But that's the distinction, I guess. These adult WiPs are darker than my YA+ titles. More psychological. More disturbing. More graphic. (Though in a minimalistic graphic way.) Between that darkness and the detail that I also work as "Misti Wolanski," I'm thinking it likely wouldn't be the brightest business move to release psychotic titles under the same name.
Particularly when some of those planned psychotic stories will also cross into politics. But then, I've been looking into entering that more as a freelancer, too, so that's not a good reason for using another penname.
As you might guess from my use of the same name for my YA fiction and my freelancing, I don't really believe that "Using the same name for different types of works dilutes your brand" argument. As I pointed out to Kristine Kathryn Rusch in an e-mail: "Your works all interest the same writer, so why is it such a surprise when they interest the same readers?"
(A little background: I found Rusch originally from one of her few Star Trek novels; years later, I was browsing my library's limited adult fantasy collection and happened upon the first Fey novel, and that name recognition made me try it out despite the cover. I liked Sacrifice enough that I sought the author out online, which is how I found the blogs of she and her husband, Dean Wesley Smith—and I have yet to encounter a title of Ms. Rusch's that I haven't enjoyed reading. And that includes the cute paranormal romances she writes under the Kristine Grayson penname.)
Sure, some readers don't pay attention and will flip out when they don't receive what they thought they were buying. But some readers flipped out over that Homecoming graphic novel that Patricia Briggs released, too, because they were expecting a novel—despite the detail that it was clearly marked as a graphic novel everywhere you looked. That misunderstanding was their fault, not Patricia Briggs's.
Some folks will misunderstand you no matter what you do to prevent it.
So reader confusion isn't that big a deal, in my book, and the assumption that readers won't cross-pollinate is also silly. (Not that every reader will cross-pollinate, but some will.)
But for some stories, I actually don't want my readers to be able to easily cross-pollinate. Adult readers? Sure. Mature teens who like thrillers and horror movies? Okay, if your parents are okay with it, too. Your average teen? Absolutely not.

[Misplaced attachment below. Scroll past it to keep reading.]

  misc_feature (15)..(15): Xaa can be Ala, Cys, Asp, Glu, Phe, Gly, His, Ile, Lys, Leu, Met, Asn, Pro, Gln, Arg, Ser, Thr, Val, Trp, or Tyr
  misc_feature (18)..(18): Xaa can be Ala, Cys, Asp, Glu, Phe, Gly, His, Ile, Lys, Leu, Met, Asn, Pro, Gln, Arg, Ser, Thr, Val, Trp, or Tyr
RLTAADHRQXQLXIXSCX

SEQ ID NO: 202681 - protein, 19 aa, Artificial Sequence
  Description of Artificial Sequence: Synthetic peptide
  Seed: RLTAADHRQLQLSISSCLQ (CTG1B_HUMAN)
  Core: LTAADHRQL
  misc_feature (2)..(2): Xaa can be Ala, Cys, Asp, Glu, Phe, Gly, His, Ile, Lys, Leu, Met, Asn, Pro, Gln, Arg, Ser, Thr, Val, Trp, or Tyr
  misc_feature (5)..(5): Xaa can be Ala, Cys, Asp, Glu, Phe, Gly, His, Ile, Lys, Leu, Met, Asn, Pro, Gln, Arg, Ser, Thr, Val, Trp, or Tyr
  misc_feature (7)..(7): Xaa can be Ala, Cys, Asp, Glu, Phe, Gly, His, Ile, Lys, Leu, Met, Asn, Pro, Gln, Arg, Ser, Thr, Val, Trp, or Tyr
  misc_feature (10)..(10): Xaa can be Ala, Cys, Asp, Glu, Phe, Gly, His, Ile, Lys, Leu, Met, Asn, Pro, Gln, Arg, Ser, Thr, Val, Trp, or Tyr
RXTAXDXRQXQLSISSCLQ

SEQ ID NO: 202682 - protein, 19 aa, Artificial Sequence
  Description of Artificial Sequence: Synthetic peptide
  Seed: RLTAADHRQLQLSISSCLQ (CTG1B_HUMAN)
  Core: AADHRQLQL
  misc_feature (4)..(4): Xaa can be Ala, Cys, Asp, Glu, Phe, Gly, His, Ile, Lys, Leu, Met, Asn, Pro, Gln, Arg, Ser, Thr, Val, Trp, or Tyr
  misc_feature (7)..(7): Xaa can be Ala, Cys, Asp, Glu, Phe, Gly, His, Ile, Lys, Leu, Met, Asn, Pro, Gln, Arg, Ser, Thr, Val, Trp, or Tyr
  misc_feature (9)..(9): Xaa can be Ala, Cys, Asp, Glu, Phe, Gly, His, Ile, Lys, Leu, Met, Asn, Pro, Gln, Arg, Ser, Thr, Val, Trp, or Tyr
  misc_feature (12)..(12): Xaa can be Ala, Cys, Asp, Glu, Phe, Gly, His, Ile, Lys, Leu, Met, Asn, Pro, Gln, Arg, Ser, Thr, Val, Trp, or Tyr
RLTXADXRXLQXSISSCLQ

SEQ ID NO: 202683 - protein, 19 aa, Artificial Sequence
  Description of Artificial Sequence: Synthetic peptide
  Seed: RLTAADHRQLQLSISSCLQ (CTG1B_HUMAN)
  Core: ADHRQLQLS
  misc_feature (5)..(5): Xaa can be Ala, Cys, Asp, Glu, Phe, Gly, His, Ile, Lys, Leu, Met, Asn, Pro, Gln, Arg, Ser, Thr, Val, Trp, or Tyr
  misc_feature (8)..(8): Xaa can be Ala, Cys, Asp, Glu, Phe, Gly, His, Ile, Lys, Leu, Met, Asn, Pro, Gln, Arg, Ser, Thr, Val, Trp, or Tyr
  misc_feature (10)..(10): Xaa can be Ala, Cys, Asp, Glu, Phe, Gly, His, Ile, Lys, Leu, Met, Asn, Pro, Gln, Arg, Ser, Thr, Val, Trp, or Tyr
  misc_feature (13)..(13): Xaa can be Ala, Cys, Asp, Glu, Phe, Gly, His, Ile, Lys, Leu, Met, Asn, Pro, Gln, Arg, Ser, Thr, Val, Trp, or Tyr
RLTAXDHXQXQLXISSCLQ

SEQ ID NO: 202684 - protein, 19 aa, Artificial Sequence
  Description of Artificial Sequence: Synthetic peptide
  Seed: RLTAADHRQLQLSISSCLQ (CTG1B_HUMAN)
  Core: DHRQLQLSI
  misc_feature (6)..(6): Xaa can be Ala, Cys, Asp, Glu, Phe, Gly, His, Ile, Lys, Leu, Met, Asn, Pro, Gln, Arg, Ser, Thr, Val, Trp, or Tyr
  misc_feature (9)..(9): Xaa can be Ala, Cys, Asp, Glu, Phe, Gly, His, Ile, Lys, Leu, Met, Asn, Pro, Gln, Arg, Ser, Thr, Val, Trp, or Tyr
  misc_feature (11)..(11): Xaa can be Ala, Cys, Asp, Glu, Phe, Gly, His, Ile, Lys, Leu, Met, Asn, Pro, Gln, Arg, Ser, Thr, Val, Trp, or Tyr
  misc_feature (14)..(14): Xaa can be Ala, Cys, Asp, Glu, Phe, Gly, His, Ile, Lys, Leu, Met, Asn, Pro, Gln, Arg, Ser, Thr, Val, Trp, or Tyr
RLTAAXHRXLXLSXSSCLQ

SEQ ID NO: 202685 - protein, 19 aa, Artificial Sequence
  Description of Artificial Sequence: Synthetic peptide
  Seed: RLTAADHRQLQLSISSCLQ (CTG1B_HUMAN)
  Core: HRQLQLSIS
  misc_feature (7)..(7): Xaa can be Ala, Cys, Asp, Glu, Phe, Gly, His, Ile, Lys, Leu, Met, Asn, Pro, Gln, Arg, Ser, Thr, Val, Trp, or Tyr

So I've decided to use another penname when I do release adult titles. (By the way, I always suspected that I might end up using at least one other penname, which is why I use that "Carradee" handle everywhere.)
Also, some readers won't cross-pollinate. They won't want to. So while "Misti Wolanski" is a name that might release anything from a non-fiction how-to article to a fantasy movie script to a YA novel, everything under this name will be… me, balanced. There won't be dark without light. There won't be grim or serious without humor.
Stories that are skewed (or in usually male genres), will have other pennames. In those cases, though, I plan to openly link my names. Just not the names for my psychotic stories or the ones for which I'm not in the intended audience.
(Note: If you are trying to decide if you want to use a penname, check with your local laws: country, state, municipal, etc. I don't have to register a DBA name. You might.)
What are your thoughts? Do you use a penname? Can you think of a reason for using a penname that I missed?
—Carradee (AKA "Misti")
*There are historic linguistic grounds for using they as both a plural and singular pronoun, so I'm using it.
**Beware of non-compete clauses. Seriously. Beware. Get pro legal help (which I'm not) to deal with them. Maybe the horror stories are rare; maybe not. I've heard them since I was in high school, and between freelancing and short story markets, I've seen enough nasty rights-grabbing contracts to suspect that more writers have fallen prey to bad non-compete clauses than are willing to openly admit it.
†This I-am-my-brand thing is why I'm even willing to write book reviews, positive and negative, under my author name. It's also why I've been reluctant to pull out another penname.††
††No, I am not intentionally channeling Robin McKinley's blog style.